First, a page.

Bibliographical Information
Gill, John. "Commentary on 2 Samuel 10:18". "The New John Gill Exposition of the Entire Bible". https://www.studylight.org/commentaries/geb/2-samuel-10.html. 1999.

Geneva Study Bible

And the Syrians fled before Israel; and David slew [the men of] g seven hundred chariots of the Syrians, and forty thousand horsemen, and smote Shobach the captain of their host, who died there.

(g) Who were the chief and most principal: for in all he destroyed 7000, as in (1 Chronicles 19:18), or the soldiers who were in 700 chariots.
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Beza, Theodore. "Commentary on 2 Samuel 10:18". "The 1599 Geneva Study Bible". https://www.studylight.org/commentaries/gsb/2-samuel-10.html. 1599-1645.

John Trapp Complete Commentary

2 Samuel 10:18 And the Syrians fled before Israel; and David slew [the men of] seven hundred chariots of the Syrians, and forty thousand horsemen, and smote Shobach the captain of their host, who died there.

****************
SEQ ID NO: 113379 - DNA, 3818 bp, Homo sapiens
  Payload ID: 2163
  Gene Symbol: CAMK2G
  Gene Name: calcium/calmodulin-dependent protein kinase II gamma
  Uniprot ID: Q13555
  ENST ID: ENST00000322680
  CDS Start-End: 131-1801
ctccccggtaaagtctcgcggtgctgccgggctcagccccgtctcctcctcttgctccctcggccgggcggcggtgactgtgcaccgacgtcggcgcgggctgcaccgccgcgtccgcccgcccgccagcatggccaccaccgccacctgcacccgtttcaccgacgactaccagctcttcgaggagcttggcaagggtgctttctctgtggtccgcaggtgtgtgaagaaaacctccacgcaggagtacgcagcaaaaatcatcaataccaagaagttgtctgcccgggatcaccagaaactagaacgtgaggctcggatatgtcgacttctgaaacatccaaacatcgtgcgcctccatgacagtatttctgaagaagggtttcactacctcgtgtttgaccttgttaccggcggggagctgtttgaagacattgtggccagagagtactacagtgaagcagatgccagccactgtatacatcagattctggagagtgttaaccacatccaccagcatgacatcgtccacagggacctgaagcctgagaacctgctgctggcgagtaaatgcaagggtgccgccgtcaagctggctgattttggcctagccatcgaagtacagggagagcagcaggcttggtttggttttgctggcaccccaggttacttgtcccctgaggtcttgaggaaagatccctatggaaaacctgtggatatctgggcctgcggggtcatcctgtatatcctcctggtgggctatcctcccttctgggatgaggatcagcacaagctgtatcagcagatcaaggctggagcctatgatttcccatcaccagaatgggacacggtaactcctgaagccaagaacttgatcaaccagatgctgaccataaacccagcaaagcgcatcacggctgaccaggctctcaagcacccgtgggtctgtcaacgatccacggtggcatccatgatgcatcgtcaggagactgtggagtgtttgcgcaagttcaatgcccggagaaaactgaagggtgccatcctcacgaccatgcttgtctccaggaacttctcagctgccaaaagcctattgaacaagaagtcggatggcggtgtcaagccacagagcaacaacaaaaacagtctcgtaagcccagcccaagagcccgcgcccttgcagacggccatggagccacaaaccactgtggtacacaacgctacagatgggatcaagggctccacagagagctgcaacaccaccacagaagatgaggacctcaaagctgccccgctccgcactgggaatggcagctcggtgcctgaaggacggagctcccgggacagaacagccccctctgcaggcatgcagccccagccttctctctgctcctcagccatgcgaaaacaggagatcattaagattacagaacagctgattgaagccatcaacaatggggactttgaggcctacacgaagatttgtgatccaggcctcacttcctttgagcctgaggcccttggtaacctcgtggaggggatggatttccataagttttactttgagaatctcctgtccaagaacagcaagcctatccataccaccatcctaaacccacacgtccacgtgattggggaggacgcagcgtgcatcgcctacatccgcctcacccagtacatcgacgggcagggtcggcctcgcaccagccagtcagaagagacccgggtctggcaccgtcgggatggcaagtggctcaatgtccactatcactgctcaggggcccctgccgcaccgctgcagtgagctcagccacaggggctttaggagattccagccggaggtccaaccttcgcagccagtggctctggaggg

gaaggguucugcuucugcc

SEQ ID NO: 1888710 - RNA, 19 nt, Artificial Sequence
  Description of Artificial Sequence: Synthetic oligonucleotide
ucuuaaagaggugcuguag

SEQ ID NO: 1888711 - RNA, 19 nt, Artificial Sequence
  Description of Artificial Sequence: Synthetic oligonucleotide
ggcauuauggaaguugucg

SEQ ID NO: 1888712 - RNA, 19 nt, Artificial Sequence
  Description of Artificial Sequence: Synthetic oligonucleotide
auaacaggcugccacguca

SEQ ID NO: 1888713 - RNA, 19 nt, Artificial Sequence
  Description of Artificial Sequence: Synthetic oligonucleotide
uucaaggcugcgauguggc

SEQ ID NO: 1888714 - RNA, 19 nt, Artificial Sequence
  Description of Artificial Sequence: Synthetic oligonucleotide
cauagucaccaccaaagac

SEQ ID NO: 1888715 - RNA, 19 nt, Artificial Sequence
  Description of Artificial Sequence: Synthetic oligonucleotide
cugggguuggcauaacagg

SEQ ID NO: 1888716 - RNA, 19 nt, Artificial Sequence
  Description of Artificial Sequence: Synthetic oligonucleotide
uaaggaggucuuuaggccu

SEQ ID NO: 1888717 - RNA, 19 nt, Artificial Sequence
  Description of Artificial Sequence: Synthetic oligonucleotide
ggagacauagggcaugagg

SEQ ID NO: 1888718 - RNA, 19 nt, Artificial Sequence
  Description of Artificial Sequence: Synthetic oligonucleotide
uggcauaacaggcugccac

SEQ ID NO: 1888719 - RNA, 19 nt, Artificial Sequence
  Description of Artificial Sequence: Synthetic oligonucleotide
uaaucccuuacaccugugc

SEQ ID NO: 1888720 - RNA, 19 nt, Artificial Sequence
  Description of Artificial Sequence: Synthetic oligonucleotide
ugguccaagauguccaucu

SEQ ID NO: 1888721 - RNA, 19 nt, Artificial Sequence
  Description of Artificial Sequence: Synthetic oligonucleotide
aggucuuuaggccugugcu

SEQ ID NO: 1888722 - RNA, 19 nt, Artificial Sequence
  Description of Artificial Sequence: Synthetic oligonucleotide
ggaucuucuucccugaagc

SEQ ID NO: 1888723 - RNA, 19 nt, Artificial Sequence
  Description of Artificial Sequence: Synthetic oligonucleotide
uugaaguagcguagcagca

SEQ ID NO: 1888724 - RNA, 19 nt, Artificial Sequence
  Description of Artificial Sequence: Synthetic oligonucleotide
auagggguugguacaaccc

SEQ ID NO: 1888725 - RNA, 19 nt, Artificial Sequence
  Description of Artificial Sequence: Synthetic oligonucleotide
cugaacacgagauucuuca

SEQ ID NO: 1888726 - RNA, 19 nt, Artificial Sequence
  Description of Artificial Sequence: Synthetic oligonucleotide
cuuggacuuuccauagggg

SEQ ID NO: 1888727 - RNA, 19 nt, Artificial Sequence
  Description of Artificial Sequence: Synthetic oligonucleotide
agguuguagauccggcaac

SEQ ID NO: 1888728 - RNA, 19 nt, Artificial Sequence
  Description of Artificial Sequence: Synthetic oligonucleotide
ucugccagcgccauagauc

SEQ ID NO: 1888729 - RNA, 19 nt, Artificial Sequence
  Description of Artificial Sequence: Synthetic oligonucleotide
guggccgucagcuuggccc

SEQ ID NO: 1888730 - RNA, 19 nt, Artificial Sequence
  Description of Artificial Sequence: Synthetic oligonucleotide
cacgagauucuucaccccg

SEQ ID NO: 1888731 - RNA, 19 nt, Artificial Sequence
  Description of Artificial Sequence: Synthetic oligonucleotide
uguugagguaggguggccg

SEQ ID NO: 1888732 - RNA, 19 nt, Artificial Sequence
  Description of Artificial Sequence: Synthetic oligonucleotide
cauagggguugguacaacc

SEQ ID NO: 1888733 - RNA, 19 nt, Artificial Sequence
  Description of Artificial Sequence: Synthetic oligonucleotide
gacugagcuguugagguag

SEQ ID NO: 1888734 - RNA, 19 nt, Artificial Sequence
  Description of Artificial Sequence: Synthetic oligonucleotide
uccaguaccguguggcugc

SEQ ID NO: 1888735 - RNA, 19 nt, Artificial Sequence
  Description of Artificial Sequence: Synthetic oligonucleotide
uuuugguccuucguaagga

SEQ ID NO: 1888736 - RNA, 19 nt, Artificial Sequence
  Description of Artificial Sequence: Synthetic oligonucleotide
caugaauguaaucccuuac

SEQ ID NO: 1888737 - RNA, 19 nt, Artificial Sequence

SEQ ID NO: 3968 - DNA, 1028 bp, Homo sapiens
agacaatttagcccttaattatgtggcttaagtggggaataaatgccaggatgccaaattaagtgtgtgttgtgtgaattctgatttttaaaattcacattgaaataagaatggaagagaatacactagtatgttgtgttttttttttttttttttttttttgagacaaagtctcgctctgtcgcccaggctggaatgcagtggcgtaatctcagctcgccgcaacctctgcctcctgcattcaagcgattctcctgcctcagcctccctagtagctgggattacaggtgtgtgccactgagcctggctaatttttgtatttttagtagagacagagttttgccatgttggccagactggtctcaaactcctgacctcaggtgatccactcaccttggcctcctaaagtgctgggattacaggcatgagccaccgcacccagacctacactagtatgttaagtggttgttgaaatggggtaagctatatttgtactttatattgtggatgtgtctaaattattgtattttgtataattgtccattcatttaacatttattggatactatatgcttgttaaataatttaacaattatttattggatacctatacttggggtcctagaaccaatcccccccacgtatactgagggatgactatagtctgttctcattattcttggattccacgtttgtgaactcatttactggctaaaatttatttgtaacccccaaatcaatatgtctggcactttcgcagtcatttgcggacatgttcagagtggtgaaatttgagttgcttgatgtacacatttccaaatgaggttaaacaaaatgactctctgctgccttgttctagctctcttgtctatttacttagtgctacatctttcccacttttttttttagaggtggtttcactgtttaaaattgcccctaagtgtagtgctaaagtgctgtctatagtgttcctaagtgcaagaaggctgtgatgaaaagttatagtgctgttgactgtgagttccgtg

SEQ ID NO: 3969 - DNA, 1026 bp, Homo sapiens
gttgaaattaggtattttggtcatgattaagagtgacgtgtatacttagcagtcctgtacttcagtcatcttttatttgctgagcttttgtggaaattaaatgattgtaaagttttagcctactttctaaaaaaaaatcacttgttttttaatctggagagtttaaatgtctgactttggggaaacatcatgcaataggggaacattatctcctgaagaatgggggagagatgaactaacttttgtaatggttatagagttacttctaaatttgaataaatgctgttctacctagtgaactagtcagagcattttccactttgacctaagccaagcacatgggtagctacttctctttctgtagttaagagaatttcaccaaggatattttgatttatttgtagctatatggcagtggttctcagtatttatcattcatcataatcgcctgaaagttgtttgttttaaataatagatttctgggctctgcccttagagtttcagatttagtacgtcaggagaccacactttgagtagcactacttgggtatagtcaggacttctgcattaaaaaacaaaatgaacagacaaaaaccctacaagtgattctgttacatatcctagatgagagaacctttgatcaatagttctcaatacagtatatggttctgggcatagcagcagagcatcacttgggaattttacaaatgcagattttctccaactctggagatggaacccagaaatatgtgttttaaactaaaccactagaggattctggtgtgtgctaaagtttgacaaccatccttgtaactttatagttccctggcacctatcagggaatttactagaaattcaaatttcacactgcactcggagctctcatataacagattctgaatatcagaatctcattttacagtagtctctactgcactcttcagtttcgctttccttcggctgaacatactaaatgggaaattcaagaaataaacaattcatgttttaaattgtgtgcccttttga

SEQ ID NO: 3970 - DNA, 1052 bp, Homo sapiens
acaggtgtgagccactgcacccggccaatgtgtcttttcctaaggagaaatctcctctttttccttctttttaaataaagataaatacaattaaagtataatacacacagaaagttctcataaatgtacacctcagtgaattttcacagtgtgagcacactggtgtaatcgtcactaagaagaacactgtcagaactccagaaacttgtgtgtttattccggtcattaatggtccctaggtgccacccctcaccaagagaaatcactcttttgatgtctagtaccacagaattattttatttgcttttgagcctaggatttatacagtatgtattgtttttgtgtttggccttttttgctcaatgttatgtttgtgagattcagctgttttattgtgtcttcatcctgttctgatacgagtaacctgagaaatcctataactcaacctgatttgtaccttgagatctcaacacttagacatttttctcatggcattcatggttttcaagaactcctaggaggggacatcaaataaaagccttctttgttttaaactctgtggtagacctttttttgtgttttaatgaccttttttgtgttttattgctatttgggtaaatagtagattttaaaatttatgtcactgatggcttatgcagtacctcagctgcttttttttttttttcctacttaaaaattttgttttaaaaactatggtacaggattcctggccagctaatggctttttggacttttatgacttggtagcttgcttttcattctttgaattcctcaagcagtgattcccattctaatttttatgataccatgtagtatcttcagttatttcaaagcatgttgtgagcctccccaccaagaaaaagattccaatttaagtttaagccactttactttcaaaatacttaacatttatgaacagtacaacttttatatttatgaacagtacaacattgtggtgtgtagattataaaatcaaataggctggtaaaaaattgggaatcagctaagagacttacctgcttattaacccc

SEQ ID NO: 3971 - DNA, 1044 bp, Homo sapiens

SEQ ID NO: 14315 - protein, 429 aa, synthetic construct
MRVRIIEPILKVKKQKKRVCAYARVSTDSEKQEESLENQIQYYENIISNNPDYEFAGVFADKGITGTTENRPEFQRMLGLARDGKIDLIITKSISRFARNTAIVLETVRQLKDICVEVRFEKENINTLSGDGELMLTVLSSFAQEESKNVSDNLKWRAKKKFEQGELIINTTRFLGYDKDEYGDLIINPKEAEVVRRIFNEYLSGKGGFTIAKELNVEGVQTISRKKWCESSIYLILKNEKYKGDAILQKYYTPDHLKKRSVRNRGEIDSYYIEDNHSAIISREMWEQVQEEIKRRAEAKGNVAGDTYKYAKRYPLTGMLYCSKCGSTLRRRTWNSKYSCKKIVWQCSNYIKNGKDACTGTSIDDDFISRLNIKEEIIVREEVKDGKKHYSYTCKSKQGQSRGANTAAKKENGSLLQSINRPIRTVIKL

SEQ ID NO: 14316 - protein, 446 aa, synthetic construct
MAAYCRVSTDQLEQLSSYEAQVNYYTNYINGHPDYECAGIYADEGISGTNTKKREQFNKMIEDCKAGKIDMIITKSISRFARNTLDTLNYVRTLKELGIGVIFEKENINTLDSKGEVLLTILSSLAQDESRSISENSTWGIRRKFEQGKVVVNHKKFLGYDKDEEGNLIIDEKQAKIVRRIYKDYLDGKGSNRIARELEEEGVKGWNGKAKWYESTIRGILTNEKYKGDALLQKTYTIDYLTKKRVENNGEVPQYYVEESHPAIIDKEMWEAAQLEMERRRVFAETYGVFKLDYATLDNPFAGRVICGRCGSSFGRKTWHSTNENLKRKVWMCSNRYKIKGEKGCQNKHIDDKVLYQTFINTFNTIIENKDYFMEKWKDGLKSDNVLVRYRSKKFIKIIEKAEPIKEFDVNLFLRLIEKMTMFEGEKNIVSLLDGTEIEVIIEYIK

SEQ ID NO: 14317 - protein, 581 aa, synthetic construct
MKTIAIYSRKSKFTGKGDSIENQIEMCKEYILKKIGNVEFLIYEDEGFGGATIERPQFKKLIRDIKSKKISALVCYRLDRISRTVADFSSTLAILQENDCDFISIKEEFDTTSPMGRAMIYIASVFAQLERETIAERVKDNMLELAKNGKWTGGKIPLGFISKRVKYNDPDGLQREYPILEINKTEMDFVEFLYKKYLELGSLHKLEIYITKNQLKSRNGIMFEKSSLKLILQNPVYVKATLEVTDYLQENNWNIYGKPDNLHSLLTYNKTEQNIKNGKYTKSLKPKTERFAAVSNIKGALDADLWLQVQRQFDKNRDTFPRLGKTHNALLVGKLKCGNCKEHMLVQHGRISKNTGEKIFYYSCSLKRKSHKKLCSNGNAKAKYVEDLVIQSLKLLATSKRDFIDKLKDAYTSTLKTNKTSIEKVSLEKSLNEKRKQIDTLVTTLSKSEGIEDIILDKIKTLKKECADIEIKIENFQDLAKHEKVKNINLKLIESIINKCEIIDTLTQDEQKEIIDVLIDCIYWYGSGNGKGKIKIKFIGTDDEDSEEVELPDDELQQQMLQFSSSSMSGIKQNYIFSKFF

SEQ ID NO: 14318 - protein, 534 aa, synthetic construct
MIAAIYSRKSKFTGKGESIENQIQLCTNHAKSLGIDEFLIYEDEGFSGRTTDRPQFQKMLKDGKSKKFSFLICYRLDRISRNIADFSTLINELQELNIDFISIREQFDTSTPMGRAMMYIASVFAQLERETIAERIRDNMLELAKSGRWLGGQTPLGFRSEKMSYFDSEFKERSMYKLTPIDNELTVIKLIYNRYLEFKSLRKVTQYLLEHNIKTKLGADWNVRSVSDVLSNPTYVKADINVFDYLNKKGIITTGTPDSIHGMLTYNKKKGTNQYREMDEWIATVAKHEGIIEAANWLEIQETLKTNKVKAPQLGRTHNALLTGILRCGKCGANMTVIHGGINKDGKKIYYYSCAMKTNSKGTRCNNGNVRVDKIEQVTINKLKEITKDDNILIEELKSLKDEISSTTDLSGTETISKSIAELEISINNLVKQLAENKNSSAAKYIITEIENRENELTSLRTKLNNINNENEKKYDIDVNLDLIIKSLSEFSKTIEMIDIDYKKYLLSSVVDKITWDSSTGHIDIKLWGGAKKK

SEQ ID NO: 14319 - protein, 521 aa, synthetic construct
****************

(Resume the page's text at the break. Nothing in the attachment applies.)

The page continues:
Ver. 18. And David slew the men of seven hundred chariots.] Heb., Slew seven hundred chariots; that is, seven thousand men that fought in chariots (a) [1 Chronicles 19:18]

And forty thousand horsemen.] Which yet are said to be footmen. [1 Chronicles 19:18] They might be dragoons, as we now call them; or there might be forty thousand of each sort. The Chronicles are therefore called Paralipomena, because they supply that which was wanting in the former books.

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Trapp, John. "Commentary on 2 Samuel 10:18". John Trapp Complete Commentary. https://www.studylight.org/commentaries/jtc/2-samuel-10.html. 1865-1868.

Thomas Coke Commentary on the Holy Bible